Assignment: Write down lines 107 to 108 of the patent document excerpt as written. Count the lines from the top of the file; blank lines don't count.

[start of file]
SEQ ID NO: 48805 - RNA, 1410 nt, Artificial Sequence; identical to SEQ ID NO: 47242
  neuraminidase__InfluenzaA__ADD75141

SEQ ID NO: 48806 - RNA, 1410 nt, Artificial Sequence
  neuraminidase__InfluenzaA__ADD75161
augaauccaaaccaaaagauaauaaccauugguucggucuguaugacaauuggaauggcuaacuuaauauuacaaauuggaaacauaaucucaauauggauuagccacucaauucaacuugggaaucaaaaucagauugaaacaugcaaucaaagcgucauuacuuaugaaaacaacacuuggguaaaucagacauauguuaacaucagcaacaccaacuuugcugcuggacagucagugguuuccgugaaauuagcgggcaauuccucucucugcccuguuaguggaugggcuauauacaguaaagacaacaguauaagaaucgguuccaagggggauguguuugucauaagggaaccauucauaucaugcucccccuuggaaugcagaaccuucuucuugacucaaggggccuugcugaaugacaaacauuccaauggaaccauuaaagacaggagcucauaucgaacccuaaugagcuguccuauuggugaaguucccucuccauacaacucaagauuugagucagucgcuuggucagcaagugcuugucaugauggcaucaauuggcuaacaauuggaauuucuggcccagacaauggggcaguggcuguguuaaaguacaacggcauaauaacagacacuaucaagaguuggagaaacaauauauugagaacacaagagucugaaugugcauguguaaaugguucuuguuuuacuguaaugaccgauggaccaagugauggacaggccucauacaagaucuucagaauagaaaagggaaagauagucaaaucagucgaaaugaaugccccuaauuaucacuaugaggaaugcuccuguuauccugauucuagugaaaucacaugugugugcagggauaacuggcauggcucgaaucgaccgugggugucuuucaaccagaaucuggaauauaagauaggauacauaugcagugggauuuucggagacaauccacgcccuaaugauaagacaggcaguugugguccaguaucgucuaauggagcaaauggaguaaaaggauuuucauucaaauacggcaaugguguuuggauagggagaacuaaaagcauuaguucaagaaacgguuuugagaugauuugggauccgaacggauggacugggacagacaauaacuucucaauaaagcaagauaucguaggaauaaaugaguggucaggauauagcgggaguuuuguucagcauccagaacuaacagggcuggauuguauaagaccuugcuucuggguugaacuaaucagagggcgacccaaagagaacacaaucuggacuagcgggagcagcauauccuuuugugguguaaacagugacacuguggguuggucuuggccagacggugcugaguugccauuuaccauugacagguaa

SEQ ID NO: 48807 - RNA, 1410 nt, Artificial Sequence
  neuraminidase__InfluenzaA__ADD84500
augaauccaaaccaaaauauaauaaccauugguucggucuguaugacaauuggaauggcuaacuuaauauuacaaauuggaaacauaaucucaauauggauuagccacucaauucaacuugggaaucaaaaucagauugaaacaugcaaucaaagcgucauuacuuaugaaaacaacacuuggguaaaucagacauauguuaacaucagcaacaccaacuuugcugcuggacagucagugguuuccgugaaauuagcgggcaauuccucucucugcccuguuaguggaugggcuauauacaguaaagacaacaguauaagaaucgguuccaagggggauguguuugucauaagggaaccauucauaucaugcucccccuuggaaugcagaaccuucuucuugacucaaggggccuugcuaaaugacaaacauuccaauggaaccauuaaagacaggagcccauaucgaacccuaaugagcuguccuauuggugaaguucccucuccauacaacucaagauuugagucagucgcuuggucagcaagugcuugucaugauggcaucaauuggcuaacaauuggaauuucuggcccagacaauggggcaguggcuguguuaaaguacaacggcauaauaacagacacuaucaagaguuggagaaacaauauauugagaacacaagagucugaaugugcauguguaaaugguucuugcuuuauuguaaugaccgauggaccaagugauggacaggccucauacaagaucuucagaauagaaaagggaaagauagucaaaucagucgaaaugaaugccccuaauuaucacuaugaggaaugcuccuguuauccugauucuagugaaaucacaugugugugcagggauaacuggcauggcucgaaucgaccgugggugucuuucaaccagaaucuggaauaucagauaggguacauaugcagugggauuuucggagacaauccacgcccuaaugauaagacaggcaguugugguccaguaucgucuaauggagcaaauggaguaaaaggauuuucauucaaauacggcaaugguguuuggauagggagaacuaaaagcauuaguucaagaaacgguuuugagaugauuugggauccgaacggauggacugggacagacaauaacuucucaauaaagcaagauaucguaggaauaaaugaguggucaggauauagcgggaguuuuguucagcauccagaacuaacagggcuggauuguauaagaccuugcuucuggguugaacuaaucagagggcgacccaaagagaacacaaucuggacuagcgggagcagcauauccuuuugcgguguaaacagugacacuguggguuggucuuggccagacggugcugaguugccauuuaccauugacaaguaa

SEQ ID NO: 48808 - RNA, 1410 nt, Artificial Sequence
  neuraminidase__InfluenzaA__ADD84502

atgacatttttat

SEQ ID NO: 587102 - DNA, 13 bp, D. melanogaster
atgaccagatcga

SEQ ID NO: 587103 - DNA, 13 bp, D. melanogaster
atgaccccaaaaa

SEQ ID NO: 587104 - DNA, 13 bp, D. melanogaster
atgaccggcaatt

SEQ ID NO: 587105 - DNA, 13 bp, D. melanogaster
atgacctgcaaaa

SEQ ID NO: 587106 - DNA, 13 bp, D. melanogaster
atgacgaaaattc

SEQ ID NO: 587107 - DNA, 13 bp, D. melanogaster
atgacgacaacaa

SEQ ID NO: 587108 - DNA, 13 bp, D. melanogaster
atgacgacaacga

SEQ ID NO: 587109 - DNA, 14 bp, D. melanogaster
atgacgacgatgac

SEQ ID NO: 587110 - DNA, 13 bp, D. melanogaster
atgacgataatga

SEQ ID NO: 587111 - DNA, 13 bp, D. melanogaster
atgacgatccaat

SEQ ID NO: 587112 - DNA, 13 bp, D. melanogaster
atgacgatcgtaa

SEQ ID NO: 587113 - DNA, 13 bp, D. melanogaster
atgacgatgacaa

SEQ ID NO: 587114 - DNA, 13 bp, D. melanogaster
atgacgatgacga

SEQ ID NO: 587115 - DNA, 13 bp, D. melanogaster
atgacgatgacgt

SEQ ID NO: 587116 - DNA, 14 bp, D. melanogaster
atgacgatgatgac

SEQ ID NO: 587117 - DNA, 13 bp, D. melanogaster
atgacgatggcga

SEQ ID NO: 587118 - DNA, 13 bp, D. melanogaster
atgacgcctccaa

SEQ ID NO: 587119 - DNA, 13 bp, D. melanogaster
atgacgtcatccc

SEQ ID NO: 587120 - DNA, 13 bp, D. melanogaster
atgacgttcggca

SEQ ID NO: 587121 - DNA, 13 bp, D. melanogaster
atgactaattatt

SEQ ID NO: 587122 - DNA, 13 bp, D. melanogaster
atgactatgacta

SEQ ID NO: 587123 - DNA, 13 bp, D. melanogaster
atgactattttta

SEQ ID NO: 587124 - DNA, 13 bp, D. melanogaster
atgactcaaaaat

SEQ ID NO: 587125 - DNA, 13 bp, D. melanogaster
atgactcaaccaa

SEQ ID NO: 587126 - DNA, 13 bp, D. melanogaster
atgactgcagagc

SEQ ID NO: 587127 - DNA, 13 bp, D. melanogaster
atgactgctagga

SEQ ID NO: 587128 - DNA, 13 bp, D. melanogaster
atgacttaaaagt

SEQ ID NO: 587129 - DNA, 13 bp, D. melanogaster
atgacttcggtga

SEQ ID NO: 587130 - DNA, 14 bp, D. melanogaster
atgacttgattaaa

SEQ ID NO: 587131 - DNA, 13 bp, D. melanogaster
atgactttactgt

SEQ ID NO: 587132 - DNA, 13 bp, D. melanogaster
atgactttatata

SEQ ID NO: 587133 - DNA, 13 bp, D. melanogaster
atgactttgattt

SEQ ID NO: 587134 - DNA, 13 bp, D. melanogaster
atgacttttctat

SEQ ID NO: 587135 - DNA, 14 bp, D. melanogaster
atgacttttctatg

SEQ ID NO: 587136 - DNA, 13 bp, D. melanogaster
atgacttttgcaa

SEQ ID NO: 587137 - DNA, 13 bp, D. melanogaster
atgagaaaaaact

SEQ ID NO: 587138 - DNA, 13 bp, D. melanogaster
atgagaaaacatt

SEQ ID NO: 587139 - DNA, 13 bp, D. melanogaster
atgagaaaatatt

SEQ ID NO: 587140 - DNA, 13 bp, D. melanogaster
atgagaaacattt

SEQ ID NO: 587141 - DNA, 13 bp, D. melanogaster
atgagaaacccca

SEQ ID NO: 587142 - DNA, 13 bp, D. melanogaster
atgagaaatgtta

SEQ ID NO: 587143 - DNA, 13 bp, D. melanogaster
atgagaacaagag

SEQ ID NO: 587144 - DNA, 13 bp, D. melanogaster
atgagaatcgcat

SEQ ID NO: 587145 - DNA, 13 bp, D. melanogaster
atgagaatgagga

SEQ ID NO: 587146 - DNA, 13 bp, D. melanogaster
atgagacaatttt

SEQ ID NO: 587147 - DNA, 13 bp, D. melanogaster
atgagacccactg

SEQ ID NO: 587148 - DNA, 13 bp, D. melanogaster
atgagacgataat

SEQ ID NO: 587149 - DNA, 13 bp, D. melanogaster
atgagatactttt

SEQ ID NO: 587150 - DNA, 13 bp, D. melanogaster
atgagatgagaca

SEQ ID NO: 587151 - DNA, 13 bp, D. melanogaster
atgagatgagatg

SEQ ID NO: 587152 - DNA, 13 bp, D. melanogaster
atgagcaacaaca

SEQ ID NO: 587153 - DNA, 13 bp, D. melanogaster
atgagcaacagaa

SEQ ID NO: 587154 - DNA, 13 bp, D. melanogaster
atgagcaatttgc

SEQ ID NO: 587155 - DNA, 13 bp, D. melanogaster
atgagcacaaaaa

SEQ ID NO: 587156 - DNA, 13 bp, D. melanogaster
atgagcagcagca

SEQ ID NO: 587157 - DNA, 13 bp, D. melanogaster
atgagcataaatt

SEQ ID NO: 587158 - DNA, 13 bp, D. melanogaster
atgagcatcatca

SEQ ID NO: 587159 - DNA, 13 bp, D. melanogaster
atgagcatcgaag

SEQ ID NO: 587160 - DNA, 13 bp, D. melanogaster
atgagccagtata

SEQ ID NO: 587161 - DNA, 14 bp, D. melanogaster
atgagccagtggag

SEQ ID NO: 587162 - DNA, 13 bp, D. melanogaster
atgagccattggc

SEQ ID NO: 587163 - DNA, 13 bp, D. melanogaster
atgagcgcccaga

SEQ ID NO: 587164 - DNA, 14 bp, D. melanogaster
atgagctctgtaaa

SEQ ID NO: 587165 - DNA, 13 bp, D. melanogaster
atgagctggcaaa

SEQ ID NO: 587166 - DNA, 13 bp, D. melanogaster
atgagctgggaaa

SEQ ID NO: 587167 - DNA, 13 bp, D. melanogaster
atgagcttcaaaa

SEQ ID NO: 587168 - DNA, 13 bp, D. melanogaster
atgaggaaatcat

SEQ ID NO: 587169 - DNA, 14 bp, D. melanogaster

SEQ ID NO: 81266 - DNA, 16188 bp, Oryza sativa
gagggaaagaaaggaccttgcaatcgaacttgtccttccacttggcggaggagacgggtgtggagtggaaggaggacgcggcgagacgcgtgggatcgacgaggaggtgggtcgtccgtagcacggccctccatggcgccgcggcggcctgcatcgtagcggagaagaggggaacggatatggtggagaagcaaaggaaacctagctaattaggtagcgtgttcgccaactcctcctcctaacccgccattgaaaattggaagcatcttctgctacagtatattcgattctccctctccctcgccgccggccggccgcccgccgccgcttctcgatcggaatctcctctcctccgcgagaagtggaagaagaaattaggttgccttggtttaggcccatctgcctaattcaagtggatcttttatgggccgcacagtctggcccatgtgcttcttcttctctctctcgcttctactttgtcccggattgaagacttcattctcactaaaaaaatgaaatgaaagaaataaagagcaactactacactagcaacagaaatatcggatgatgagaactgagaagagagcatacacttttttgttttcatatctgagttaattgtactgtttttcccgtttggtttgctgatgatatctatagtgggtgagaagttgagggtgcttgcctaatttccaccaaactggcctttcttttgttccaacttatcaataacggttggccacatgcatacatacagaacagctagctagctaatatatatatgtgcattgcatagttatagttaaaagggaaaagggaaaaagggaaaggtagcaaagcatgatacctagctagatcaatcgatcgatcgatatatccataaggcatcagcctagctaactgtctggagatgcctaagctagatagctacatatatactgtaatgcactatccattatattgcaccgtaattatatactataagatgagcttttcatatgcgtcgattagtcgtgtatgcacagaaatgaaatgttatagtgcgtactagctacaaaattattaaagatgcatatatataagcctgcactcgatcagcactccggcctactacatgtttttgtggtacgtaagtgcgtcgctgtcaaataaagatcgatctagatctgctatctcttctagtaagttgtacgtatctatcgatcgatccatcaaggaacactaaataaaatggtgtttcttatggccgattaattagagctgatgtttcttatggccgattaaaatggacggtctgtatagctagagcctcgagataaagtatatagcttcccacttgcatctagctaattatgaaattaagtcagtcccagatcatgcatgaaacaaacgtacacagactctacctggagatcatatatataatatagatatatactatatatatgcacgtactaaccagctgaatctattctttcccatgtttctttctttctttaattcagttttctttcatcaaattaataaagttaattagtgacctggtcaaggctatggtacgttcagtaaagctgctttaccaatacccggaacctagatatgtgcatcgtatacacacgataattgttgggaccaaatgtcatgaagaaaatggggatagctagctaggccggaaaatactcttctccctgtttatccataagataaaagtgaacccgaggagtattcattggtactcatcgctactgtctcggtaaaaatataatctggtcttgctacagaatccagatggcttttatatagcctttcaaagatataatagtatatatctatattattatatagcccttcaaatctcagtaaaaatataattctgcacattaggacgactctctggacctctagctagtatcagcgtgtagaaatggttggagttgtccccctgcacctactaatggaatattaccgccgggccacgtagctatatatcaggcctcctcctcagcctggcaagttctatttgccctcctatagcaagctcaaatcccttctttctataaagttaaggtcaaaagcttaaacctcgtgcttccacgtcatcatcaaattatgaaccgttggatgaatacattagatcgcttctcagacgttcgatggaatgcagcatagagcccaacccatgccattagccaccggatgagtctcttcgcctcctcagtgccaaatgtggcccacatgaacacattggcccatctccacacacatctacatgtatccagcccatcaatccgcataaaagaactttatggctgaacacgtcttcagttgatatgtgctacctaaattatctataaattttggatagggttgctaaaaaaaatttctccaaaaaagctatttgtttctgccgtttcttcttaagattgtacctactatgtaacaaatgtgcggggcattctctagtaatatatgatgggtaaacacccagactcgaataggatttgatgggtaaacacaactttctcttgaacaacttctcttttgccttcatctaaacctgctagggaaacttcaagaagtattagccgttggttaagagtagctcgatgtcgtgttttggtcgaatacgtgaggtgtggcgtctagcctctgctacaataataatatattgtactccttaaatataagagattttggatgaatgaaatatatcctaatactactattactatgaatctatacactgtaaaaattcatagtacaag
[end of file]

atgagatactttt

SEQ ID NO: 587150 - DNA, 13 bp, D. melanogaster